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The 21st-Century Acquisition Leader


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Author: Paul E. Turner

Acquisition leaders of the 21st century face challenges that differ from any previous time in history. A constant change in technology, government financial instability and a diverse workforce require leadership attributes that may seem unattainable.

However, three attributes are crucial to being a successful acquisition leader in the 21st century. These attributes include communicating, empowering and being a servant leader. While this is by no means a complete list, all other attributes build upon these three. Having a vision, collaborating and being transparent also are important qualities.

Communicate

The ability to communicate efficiently and effectively is important to today’s acquisition leader.

This may seem simple and obvious, but it is an area that is often the most difficult to master.

On climate surveys, communication consistently is the top issue with employees. (Information does not flow or management does not share information are frequent complaints, according to data from an unpublished 2007 study by the author of this article.) It is imperative that leaders develop strong communication skills. To communicate effectively, leaders must learn to simplify their messages so their followers understand what the leader wants. Deborah Blagg and Susan Young, in “What Makes a Good Leader,” published by the Harvard Business School Bulletin in February 2001, stated that, “You need a talent for simplicity—for saying things in a few words.”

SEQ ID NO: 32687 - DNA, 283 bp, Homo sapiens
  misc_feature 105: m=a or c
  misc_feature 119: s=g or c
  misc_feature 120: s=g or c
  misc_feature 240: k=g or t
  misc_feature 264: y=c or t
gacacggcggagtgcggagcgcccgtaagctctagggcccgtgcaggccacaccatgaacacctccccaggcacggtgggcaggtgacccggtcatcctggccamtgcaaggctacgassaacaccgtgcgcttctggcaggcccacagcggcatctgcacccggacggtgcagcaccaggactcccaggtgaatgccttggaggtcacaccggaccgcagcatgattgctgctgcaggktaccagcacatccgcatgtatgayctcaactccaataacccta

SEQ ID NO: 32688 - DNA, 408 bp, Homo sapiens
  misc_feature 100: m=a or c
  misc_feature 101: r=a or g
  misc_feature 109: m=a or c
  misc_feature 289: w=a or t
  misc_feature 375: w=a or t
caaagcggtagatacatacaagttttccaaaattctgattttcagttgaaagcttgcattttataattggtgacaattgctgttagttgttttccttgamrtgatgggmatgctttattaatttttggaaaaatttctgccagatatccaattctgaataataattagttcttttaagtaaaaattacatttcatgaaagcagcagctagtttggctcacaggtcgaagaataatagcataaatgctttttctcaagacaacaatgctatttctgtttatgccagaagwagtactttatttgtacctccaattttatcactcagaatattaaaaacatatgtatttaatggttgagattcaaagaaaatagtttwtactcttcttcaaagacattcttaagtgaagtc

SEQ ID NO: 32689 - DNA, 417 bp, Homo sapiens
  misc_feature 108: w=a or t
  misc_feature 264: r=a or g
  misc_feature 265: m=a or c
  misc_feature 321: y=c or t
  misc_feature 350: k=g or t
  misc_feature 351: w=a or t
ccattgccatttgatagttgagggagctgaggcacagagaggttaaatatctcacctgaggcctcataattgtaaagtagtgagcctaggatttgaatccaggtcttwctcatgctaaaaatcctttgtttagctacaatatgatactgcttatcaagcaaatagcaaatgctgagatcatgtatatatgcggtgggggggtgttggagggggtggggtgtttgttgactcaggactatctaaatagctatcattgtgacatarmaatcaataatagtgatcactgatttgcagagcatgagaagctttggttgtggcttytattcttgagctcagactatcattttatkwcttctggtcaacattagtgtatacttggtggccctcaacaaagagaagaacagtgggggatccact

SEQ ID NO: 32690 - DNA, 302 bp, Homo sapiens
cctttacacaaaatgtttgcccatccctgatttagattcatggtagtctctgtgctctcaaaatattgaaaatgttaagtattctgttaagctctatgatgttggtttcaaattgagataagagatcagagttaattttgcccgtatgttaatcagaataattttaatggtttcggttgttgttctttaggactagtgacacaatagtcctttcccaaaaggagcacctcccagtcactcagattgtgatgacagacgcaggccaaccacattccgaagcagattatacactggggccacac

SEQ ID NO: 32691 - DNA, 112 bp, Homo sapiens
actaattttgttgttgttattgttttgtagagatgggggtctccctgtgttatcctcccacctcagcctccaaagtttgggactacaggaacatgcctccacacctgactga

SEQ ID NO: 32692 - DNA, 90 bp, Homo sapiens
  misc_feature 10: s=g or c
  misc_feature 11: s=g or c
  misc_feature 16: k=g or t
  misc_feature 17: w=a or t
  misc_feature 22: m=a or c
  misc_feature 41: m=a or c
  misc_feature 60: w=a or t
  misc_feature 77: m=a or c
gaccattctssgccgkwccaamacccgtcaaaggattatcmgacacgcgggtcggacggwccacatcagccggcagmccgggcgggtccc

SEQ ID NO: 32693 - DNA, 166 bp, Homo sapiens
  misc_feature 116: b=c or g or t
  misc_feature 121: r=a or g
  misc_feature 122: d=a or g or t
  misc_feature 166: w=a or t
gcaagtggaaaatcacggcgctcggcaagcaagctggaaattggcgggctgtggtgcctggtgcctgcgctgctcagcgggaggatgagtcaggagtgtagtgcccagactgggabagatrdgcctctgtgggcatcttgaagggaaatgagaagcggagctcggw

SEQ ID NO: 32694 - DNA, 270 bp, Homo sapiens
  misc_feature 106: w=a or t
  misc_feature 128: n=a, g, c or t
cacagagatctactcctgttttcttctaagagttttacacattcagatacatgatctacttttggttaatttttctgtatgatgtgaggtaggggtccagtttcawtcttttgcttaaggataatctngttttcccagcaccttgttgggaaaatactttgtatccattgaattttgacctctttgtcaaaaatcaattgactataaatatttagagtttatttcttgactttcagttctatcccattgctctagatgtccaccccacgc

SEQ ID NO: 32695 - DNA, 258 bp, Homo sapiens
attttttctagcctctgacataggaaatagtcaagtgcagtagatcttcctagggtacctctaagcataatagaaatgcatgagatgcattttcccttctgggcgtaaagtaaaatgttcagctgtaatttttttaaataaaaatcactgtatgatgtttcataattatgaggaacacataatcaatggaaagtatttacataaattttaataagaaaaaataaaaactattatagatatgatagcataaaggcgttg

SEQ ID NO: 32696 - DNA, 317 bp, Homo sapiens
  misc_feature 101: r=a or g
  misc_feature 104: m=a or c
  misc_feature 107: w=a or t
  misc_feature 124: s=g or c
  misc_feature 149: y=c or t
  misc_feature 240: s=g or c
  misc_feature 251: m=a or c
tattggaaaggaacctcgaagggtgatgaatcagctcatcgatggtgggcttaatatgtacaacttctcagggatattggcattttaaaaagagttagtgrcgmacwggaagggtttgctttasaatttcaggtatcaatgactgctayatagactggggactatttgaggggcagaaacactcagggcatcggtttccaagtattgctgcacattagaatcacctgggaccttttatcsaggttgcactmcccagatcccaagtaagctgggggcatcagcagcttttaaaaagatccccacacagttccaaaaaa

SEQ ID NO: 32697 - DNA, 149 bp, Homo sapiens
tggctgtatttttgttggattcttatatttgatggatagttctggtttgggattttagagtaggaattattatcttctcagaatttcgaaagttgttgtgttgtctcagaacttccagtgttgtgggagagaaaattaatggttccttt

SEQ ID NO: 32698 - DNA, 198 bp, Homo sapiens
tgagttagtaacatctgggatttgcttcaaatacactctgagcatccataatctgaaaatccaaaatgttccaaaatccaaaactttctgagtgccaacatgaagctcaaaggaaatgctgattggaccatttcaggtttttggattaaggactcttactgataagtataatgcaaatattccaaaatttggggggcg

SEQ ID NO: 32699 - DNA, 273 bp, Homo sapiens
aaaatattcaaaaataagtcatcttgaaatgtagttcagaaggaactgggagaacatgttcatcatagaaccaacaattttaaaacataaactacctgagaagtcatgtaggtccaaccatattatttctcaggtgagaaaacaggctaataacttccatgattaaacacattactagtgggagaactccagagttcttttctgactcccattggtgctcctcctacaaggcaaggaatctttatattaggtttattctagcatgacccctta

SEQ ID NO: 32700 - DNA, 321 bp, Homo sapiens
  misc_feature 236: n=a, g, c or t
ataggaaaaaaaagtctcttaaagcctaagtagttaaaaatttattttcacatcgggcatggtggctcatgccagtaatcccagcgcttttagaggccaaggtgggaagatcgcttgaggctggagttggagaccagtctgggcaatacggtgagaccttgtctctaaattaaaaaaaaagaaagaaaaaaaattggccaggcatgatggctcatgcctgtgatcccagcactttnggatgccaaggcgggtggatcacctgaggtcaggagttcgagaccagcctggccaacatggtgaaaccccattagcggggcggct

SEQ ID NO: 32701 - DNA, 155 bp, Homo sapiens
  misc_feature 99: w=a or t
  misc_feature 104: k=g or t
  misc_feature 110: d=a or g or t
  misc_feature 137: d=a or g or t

To communicate effectively, leaders must learn to simplify their messages so their followers understand what the leader wants.

To be able to do this, the leader must understand his followers as well as what those followers can and cannot appreciate. The leader may need to use various examples or props to convey his or her message to the followers. Leaders must communicate on a level that followers understand. Doing so can decrease resistance and increase comprehension on the part of their followers. “[Leaders] understand the people they’re trying to reach and what they can and can’t hear. They send their message in through an open door rather than trying to push it through a wall,” Blagg and Young added.

Communication is not just the leader talking to his or her followers; the leader also must truly listen. Real leaders will listen to what their followers are saying and determine the necessary course of action to address concerns, complaints or suggestions. As communication receivers, both leaders and those they lead must listen as well as speak in order to achieve the desired outcome. Organizations that focus on improving the communication skills of their leaders—through training, connecting with them emotionally, providing a focused message, minimizing the gray areas of their communication and, above all, by being honest—have a better chance of surviving tough times and keeping employees from leaving.